A Durable General Power of Attorney authorizes your Agent, sometimes called an Attorney-in-Fact, to act on your behalf and sign your name to financial and/or legal documents. The Financial Power of Attorney is an essential tool in the event that, due to age, illness, or injury, you are unable to carry on your legal and financial affairs.  Having a Financial Power of Attorney will generally avoid the need to go through the time-consuming, expensive, and publicly embarrassing process whereby someone has to go to court to have you declared mentally or physically incompetent and then one or more persons need to be appointed to serve as your legal guardian and/or conservator, which process is subject to ongoing court supervision.

An Advance Medical Directive, incorporating a Medical Power of Attorney, authorizes another person (called your “Medical Agent”or “health care surrogate”), to make decisions with respect to your medical care in the event that you are physically or mentally unable to do so, usually as certified by two physicians.

A Living Trust is a legal entity which is capable of owning financial assets, real estate, and/or other property. A living trust is a trust that comes into existence during your lifetime. The main feature of a living trust is that the trustee is not accountable to the court, and therefore not subject to probate. A conservator, on the other hand, is accountable to the court and subject to ongoing probate for the life of the ward. Most people therefore use a living trust as their primary estate planning tool in order to make things easier for their trusted loved ones by avoiding the time and cost and complications of probate.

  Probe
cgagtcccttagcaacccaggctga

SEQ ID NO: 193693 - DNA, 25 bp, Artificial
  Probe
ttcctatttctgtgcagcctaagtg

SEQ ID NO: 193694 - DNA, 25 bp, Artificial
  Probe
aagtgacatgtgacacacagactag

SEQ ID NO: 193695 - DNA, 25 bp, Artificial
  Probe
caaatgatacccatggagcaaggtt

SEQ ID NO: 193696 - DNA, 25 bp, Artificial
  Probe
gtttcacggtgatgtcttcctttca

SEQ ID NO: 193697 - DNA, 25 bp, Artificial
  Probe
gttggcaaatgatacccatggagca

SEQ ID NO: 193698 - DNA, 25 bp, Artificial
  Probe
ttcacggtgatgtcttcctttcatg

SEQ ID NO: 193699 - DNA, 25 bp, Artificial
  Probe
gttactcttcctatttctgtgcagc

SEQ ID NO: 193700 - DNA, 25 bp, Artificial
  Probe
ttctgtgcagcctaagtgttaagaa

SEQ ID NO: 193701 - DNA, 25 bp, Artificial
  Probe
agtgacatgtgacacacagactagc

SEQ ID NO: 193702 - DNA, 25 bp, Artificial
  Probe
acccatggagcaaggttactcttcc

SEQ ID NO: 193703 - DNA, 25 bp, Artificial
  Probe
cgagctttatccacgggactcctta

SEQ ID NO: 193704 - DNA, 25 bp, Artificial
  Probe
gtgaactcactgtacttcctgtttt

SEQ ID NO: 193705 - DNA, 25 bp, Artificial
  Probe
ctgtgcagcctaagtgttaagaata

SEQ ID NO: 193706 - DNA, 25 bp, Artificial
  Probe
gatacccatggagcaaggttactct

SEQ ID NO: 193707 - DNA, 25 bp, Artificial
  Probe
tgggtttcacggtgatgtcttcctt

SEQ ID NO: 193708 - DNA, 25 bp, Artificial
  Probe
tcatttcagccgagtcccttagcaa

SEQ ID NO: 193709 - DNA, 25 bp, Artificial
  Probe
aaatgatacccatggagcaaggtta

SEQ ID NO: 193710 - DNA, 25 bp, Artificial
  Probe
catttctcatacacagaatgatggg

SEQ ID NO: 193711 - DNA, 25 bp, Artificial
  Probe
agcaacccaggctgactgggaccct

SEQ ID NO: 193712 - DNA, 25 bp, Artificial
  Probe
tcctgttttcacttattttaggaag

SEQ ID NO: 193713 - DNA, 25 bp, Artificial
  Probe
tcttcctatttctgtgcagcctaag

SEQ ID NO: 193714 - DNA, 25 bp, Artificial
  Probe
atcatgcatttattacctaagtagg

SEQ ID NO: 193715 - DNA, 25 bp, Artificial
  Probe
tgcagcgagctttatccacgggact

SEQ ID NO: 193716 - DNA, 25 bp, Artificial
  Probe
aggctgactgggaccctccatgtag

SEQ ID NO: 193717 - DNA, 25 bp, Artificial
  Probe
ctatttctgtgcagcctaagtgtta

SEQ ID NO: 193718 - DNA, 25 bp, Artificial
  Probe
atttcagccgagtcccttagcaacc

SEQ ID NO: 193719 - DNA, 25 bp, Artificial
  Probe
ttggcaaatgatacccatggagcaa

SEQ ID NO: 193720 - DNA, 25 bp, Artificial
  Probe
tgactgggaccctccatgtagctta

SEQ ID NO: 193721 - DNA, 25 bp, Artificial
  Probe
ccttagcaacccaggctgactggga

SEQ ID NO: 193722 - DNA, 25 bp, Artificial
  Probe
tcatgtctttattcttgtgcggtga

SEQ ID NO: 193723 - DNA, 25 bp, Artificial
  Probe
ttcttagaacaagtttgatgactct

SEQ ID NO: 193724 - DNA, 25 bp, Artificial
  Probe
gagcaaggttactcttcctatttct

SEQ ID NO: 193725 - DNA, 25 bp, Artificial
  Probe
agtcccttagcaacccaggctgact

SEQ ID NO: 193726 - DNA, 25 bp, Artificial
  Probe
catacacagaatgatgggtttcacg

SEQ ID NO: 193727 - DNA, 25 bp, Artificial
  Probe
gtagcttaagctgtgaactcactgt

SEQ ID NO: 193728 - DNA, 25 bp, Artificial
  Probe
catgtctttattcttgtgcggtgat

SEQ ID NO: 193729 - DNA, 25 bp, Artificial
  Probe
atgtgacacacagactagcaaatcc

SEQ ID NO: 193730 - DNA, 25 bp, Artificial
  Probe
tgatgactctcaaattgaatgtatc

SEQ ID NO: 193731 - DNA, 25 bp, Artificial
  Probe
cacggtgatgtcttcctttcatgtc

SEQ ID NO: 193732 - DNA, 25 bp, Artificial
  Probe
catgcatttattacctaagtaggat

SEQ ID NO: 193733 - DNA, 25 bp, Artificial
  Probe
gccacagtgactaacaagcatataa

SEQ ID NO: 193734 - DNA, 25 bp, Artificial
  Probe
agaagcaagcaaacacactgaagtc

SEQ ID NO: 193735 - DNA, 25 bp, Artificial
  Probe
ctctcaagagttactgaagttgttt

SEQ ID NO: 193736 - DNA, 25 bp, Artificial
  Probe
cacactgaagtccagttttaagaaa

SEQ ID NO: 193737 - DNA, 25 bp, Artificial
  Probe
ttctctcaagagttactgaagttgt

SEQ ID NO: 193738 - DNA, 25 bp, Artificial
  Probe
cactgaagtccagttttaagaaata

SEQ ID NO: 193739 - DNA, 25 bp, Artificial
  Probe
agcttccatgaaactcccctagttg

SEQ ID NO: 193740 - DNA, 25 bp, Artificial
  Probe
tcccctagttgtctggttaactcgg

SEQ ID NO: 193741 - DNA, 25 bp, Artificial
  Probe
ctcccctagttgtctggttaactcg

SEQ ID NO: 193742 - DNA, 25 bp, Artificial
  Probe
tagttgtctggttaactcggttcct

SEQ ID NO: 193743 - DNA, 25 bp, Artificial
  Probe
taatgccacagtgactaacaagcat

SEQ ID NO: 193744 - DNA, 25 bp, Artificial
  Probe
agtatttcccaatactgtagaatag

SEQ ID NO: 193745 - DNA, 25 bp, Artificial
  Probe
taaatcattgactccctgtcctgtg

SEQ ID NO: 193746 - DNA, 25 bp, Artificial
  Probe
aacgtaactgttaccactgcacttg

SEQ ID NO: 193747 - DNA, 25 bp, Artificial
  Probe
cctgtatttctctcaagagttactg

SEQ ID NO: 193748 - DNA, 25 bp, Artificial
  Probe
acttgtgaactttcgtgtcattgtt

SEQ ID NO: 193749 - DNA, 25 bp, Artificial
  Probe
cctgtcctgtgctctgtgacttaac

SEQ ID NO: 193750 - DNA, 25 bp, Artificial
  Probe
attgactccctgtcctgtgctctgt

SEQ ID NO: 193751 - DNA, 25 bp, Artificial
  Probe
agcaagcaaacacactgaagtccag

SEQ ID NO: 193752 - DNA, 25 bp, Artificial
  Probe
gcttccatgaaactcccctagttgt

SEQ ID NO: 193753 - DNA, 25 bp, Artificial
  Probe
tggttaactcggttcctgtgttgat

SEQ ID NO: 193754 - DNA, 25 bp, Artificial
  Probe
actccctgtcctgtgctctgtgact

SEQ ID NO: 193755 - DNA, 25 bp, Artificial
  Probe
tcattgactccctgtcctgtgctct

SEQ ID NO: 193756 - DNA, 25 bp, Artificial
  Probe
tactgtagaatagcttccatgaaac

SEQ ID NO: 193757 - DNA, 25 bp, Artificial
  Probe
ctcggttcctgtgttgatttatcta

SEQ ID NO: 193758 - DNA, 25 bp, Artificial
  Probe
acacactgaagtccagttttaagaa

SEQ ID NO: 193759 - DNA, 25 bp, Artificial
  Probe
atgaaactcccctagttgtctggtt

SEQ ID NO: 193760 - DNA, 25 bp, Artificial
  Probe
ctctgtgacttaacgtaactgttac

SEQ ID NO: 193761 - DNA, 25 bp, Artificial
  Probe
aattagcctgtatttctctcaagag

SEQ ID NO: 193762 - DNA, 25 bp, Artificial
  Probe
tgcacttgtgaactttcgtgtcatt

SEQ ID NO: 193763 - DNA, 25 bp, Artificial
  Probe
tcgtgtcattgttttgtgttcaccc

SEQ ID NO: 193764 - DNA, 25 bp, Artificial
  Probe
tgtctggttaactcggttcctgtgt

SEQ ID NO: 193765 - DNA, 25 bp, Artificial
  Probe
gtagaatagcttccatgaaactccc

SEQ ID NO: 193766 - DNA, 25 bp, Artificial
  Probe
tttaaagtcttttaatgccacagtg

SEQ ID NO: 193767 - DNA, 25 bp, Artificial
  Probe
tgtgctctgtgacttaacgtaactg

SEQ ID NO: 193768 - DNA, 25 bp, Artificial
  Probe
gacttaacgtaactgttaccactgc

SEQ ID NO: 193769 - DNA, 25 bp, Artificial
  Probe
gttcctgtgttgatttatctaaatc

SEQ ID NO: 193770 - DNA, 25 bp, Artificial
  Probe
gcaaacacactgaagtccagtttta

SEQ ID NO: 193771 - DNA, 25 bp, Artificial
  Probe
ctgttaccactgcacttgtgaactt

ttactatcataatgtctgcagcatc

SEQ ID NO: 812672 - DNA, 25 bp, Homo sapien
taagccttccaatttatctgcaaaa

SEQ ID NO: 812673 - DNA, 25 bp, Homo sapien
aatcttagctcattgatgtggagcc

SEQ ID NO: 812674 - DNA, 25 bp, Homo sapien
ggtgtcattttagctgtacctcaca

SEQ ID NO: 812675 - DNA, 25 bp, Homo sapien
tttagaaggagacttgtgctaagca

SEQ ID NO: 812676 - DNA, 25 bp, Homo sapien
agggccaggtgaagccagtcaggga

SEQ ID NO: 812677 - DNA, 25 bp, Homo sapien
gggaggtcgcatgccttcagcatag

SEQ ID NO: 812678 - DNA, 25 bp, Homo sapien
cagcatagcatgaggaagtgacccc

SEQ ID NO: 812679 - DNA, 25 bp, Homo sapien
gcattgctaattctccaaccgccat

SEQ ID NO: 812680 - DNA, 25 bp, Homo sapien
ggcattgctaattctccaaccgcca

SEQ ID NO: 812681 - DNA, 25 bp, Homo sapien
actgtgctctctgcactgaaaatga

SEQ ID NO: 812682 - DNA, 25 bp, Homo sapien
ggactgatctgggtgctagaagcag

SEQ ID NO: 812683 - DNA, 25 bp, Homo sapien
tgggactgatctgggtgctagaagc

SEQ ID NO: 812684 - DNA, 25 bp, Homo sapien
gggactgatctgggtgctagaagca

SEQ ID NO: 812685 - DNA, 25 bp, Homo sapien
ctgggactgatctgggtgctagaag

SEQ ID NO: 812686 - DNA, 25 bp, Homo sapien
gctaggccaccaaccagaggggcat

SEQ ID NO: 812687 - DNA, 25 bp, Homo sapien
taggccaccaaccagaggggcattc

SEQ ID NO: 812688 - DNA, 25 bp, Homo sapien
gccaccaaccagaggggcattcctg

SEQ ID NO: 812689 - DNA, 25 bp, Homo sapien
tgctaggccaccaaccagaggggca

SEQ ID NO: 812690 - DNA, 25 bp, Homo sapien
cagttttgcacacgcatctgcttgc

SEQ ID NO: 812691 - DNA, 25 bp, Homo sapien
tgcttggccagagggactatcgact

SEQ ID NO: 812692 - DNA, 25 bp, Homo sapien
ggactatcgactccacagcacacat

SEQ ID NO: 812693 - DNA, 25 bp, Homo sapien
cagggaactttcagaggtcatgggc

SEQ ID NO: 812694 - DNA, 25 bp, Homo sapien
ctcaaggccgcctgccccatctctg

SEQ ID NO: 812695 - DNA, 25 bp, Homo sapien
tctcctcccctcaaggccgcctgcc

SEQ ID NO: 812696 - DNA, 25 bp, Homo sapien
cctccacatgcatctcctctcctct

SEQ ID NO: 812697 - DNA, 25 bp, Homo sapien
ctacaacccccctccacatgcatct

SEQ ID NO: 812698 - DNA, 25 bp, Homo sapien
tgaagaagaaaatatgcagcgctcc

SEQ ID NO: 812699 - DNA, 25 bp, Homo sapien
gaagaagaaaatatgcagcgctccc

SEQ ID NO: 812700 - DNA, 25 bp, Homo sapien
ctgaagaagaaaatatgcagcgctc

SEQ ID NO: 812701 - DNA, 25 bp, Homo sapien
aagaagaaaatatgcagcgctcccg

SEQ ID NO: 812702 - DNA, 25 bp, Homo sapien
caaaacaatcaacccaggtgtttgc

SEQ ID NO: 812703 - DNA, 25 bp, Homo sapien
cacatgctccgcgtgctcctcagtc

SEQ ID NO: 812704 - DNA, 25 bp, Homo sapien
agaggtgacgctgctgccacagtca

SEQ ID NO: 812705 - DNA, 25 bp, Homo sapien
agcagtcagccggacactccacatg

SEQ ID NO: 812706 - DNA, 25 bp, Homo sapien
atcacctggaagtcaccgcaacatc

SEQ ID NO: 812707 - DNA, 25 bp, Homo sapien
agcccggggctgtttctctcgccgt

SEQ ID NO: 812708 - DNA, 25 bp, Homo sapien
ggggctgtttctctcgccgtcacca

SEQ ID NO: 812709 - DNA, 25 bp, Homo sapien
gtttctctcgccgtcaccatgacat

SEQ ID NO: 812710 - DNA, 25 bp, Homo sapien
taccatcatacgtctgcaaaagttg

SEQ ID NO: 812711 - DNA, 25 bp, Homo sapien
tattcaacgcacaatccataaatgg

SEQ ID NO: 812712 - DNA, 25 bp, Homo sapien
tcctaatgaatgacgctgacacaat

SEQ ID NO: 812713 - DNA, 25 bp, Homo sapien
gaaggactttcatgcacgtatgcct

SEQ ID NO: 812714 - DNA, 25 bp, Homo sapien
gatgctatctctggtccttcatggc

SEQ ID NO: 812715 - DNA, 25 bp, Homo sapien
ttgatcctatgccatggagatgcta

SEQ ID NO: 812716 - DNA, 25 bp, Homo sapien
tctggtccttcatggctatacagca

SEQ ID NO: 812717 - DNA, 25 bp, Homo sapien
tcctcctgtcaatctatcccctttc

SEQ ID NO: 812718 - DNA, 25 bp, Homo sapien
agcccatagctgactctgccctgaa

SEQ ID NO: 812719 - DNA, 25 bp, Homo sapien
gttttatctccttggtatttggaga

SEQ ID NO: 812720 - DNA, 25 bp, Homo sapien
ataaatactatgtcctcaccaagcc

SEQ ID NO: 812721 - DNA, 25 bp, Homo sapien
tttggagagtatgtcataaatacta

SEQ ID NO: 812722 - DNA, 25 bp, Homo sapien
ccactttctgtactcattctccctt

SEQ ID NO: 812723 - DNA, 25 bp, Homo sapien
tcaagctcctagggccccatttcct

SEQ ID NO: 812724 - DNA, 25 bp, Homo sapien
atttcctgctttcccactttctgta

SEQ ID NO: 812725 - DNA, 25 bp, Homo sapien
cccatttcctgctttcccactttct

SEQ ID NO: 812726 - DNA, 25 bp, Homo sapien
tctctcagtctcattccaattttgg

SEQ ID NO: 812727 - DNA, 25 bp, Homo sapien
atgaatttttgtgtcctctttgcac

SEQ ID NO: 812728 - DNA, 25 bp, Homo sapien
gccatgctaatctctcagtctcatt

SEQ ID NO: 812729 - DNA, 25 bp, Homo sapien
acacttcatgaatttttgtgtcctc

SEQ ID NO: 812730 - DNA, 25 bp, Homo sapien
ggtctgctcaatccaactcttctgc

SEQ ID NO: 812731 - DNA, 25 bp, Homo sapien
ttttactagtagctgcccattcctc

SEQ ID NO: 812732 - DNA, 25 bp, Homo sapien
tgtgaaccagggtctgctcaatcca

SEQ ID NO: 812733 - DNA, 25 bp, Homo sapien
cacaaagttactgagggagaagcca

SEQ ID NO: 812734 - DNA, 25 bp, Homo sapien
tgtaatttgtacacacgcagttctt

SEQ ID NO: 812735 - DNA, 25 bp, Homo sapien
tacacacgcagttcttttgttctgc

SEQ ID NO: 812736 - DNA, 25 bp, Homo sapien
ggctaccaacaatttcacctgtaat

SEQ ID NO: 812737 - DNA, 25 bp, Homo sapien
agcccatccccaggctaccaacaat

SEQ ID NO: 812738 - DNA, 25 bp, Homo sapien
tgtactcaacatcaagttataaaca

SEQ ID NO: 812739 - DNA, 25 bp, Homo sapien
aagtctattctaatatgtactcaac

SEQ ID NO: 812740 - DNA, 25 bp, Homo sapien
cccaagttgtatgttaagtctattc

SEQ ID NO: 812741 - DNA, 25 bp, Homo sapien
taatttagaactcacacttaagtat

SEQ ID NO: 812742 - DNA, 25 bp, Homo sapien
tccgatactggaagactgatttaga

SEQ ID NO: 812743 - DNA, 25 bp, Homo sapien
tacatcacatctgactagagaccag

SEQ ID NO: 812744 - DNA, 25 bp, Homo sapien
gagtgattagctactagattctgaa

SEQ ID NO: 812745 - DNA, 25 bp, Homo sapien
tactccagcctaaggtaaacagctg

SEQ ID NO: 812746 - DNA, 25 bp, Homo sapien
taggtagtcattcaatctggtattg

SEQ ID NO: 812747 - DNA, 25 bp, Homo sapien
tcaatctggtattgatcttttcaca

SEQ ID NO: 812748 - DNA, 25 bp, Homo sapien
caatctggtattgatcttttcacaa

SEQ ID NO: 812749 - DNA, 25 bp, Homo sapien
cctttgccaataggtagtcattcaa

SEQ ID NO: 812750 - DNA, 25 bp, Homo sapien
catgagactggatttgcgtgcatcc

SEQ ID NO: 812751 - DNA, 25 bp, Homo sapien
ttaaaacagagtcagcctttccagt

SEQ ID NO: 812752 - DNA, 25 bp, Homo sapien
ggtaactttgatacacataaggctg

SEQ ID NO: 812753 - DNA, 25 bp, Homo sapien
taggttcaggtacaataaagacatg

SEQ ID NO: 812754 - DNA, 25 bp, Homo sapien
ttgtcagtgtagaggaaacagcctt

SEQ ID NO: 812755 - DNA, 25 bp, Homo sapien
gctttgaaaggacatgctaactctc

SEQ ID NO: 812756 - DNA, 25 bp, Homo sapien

Considering a Power of Attorney? Just this week, a happy child of a client wrote a Google review about his Power of Attorney experience at the Farr Law Firm:

“Outstanding support, professionalism, technical expertise. I came to Farr Law Firm after taking in my father unexpectedly. Elder law was an area I was unfamiliar with, but I had to get spun up rather quickly. After reviewing several different law firms’ websites and reading reviews I engaged Evan and his team. Evan quickly advised that we should get a power of attorney (POA) in place quickly.  Based on his advice, we moved forward and executed the POA. I’ve seen other POAs that are nothing more than generalized boilerplate documents that lack detail. The POA I have from Farr Law Firm is nothing of this sort. It covers virtually anything and everything you could encounter when taking care of another person.  With my POA, I’ve had to sell vehicles, work with insurance companies, open and close accounts, work with the social security administration, execute legal instruments, sell a house, and even appeared before a bankruptcy court – this was a bit of a shock to the judge who hadn’t seen a POA used in a bankruptcy for a long time.  The judge voiced this openly in the courtroom, reviewed the POA to see if it contained all of the items needed and determined I could move forward.  In all of these tasks the most important item for me was that my father didn’t have to be involved and suffer going through the mental motions of trying to understand what was happening while attempting to answer questions he couldn’t remember the answers to. Navigating life, there are a few technical experts you need on your side as your transition the various stages of life – a good accountant, financial/retirement planner, doctor, and elder care attorney. When you go with Farr Law Firm, you can definitely check that one off the list because you’ll have [one of] the best in the business on your side.”

Do You Have a Power of Attorney or Other Incapacity Planning Documents in Place?

If you have not done a Power of Attorney, now is the time to get it done as part of a comprehensive Incapacity Plan which includes an Advance Medical Directive and Long-term Care Directive®, or as part of a comprehensive Estate Plan which includes an Incapacity Plan and a living trust to avoid after-death probate. Please contact us to make an appointment for a no-cost initial consultation:

Fairfax Power of Attorney: 703-691-1888
Fredericksburg Power of Attorney: 540-479-1435
Rockville Power of Attorney: 301-519-8041
DC Power of Attorney: 202-587-2797